Gjutningens arenor : Metallhantverkets rumsliga, sociala och politiska organisation i södra Skandinavien under bronsåldern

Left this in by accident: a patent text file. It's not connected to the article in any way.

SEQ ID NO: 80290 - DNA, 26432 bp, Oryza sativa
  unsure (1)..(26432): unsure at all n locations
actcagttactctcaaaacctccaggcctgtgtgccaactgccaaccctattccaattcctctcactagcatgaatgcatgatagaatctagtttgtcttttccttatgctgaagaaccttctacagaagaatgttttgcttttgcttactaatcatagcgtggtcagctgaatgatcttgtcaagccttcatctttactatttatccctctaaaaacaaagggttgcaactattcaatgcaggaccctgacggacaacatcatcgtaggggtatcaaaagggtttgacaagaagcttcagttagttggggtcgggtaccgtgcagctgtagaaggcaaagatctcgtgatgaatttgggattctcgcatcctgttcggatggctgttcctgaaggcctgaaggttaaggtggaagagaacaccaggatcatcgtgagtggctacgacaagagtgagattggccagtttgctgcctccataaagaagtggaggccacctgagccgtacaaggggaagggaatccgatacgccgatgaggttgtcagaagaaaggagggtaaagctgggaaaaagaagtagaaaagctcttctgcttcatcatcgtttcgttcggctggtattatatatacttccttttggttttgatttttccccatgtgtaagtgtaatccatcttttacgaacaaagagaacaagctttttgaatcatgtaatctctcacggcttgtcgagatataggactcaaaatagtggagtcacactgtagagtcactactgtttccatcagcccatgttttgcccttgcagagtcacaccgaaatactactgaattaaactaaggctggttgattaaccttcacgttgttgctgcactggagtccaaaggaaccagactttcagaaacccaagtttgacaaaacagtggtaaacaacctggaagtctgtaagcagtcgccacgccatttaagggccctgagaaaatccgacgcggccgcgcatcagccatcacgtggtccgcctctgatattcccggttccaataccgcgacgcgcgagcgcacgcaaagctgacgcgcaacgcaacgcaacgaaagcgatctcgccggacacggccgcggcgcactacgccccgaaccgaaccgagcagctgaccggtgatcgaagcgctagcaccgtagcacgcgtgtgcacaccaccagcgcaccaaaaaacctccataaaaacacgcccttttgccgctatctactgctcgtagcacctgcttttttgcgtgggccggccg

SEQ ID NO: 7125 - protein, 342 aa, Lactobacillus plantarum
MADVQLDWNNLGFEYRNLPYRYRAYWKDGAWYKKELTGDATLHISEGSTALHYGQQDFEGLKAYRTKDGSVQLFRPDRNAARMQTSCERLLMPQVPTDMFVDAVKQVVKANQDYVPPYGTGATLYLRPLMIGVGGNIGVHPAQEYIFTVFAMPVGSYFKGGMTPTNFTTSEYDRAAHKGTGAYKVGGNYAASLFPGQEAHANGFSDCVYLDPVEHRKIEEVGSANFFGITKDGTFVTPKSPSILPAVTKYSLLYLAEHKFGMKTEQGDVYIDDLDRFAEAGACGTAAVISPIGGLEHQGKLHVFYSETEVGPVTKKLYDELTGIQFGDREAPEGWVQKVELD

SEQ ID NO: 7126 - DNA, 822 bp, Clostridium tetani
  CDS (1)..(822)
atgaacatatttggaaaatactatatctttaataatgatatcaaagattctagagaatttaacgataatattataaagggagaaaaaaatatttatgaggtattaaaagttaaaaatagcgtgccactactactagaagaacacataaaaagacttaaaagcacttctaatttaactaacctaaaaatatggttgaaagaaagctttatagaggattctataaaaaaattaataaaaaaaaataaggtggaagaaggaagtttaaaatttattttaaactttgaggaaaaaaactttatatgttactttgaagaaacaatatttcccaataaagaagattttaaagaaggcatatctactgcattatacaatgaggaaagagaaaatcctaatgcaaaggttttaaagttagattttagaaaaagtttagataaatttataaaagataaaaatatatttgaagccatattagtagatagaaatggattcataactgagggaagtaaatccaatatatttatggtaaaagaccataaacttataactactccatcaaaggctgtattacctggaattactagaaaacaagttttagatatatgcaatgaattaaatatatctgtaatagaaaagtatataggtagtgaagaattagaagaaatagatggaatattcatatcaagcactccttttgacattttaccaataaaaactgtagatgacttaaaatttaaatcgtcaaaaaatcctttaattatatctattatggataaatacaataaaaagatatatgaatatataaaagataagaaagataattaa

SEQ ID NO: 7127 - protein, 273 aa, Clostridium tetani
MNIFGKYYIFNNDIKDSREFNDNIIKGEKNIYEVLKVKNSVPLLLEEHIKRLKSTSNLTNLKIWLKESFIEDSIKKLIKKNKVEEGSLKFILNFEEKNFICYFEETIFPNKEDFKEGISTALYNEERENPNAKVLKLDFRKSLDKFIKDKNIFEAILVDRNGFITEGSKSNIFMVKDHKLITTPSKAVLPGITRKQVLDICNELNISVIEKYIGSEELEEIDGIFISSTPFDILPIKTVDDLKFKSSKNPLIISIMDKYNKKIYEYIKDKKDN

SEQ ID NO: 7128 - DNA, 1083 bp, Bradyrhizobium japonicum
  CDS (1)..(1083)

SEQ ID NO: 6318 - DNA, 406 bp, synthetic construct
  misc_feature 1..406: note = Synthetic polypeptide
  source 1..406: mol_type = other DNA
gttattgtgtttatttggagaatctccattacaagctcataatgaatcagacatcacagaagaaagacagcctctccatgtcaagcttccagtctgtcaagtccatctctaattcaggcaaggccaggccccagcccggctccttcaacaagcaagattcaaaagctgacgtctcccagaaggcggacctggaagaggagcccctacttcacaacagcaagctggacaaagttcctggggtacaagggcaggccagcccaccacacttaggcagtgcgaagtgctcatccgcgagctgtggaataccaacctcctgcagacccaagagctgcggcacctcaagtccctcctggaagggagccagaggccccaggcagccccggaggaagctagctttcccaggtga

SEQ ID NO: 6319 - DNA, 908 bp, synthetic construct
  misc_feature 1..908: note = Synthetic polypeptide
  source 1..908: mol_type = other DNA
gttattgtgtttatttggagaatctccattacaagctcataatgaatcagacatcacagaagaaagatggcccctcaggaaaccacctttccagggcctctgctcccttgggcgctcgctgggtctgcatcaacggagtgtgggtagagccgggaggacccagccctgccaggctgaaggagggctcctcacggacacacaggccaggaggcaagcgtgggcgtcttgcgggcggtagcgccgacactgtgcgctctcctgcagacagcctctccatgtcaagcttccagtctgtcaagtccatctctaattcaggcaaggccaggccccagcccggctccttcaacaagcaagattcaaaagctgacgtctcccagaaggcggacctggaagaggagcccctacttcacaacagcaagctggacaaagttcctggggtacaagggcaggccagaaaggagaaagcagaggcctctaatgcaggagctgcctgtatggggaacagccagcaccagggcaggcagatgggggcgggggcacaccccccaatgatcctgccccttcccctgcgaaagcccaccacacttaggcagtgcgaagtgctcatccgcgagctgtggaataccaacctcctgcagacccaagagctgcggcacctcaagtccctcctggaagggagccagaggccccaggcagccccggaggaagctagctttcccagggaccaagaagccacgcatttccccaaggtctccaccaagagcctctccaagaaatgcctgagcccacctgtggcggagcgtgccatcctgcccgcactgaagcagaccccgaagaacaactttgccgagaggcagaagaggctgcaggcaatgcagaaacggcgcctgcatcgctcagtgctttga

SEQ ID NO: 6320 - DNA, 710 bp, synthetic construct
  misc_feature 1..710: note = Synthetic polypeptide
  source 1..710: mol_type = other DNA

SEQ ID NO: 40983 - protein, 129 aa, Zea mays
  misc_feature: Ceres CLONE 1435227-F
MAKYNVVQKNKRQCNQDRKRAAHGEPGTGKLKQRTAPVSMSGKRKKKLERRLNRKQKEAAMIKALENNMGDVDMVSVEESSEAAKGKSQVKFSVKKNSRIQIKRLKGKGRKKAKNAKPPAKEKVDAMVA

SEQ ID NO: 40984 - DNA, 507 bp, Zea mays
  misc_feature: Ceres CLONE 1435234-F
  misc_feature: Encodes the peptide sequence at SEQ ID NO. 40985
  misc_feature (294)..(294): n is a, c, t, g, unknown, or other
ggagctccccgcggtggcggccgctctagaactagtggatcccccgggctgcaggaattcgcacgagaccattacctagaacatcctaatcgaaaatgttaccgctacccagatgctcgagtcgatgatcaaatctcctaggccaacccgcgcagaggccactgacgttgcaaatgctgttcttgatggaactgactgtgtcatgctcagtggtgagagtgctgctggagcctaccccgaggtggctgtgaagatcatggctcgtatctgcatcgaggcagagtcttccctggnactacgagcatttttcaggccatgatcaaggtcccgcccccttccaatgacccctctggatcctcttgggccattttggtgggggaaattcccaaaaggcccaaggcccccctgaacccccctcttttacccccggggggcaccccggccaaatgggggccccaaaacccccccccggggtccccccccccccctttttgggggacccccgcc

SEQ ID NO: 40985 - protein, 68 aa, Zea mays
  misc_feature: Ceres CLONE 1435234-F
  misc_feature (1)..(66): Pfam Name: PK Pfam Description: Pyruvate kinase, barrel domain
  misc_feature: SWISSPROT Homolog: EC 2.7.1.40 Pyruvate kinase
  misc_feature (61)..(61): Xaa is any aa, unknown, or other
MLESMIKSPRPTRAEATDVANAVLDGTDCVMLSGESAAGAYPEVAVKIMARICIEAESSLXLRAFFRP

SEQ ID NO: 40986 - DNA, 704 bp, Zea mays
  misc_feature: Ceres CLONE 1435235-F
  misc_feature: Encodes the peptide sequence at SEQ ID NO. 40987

Sammanfattning: Production and use of metalwork in southern Scandinavia during the Bronze Age (1700-500 BC) has above all been attributed to emerging elites. That bronze was a source and medium for social power is evident from its use in socio-political and ritual spheres, the multiple skills and elaborate aesthetics involved in its crafting, and the arenas for influence and control offered by the acquisition of metals through long-distance exchange. Bronze crafting is often assumed to have been organized at two levels: elite-controlled prestige goods production at centralised workshop sites, set against widespread (controlled or independent) production of utility objects in common households. However, this model is inferred from a functionalist view of finished goods (utility versus prestige) and inspired by anthropological theories, rather than from the material remains of production itself. With evidence of metalworking practices now rapidly increasing due to large-scale contract archaeology, it has become evident that these concepts and interpretations need to be reassessed.The aim of this thesis is to develop our understanding of craft organisation through investigation of physical casting sites. Mould and crucible fragments, and their spatial relation to contemporary buildings and other activities, form the main focus of the analysis. I argue that most ceramic casting debris indicates casting loci, and was deposited as secondary waste, or accumulated immediately at the production site. Special, ritual treatment of casting debris is absent, with the exception of complete moulds occasionally found as house offerings in Late Bronze Age longhouses. The Mälar Valley area of eastern Sweden, which has seen particularly intensive archaeological excavation in recent decades, is selected for an in-depth case study, followed by comparisons with other regions of southern Scandinavia. These data demonstrate that bronzes were cast at most, if not all, settlements during the mid-late Bronze Age. Metalworking also occurred at small single farms; a production argued to be dependent on visiting specialists.The results reveal complex, user-oriented and multi-tiered craft organisation from Period III onwards. A distinction between prestigious versus utility objects did not structure production. Instead, the organisation and staging of bronze working was shaped by various social roles of the items produced. Rather than special workshop areas, castings were spatially oriented towards future owners. Prestige objects were manufactured in both longhouses and cult-houses within larger settlement complexes, in settings related to the status and gender of their intended users. Further, metalworking often appeared in central and highly visible settings, suggesting it had the character of a performance. I therefore propose that casting –the most dramatic event in the bronze-crafting sequence – was exploited in public or semi-public rituals. Taking into account the social projects and motifs behind new objects, castings were probably linked to transformations such as initiations, inaugurations or establishment of new households. Thus, metalworking played an active and conspicuous role in social reproduction at various levels and in several arenas in the decentralised, heterarchical societies of Bronze Age southern Scandinavia.
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